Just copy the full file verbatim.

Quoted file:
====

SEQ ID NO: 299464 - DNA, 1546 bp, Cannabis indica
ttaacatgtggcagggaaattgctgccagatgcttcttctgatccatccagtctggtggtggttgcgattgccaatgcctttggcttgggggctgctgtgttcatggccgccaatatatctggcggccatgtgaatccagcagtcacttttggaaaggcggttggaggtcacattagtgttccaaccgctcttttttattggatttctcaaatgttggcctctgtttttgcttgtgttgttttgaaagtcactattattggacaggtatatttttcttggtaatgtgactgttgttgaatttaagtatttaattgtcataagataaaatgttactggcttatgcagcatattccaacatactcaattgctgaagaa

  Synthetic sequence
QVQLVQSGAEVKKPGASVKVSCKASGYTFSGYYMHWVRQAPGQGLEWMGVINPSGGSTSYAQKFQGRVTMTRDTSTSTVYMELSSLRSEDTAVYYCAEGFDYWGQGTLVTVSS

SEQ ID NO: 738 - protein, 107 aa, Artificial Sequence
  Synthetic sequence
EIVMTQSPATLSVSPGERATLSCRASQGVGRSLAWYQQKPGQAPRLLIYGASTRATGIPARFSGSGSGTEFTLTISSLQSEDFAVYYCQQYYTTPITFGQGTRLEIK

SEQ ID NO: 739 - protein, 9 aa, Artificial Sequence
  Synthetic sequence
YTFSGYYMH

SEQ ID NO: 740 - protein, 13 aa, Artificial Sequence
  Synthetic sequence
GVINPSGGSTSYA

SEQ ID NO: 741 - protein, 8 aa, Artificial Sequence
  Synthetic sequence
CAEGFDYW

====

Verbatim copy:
SEQ ID NO: 299464 - DNA, 1546 bp, Cannabis indica
ttaacatgtggcagggaaattgctgccagatgcttcttctgatccatccagtctggtggtggttgcgattgccaatgcctttggcttgggggctgctgtgttcatggccgccaatatatctggcggccatgtgaatccagcagtcacttttggaaaggcggttggaggtcacattagtgttccaaccgctcttttttattggatttctcaaatgttggcctctgtttttgcttgtgttgttttgaaagtcactattattggacaggtatatttttcttggtaatgtgactgttgttgaatttaagtatttaattgtcataagataaaatgttactggcttatgcagcatattccaacatactcaattgctgaagaa

  Synthetic sequence
QVQLVQSGAEVKKPGASVKVSCKASGYTFSGYYMHWVRQAPGQGLEWMGVINPSGGSTSYAQKFQGRVTMTRDTSTSTVYMELSSLRSEDTAVYYCAEGFDYWGQGTLVTVSS

SEQ ID NO: 738 - protein, 107 aa, Artificial Sequence
  Synthetic sequence
EIVMTQSPATLSVSPGERATLSCRASQGVGRSLAWYQQKPGQAPRLLIYGASTRATGIPARFSGSGSGTEFTLTISSLQSEDFAVYYCQQYYTTPITFGQGTRLEIK

SEQ ID NO: 739 - protein, 9 aa, Artificial Sequence
  Synthetic sequence
YTFSGYYMH

SEQ ID NO: 740 - protein, 13 aa, Artificial Sequence
  Synthetic sequence
GVINPSGGSTSYA

SEQ ID NO: 741 - protein, 8 aa, Artificial Sequence
  Synthetic sequence
CAEGFDYW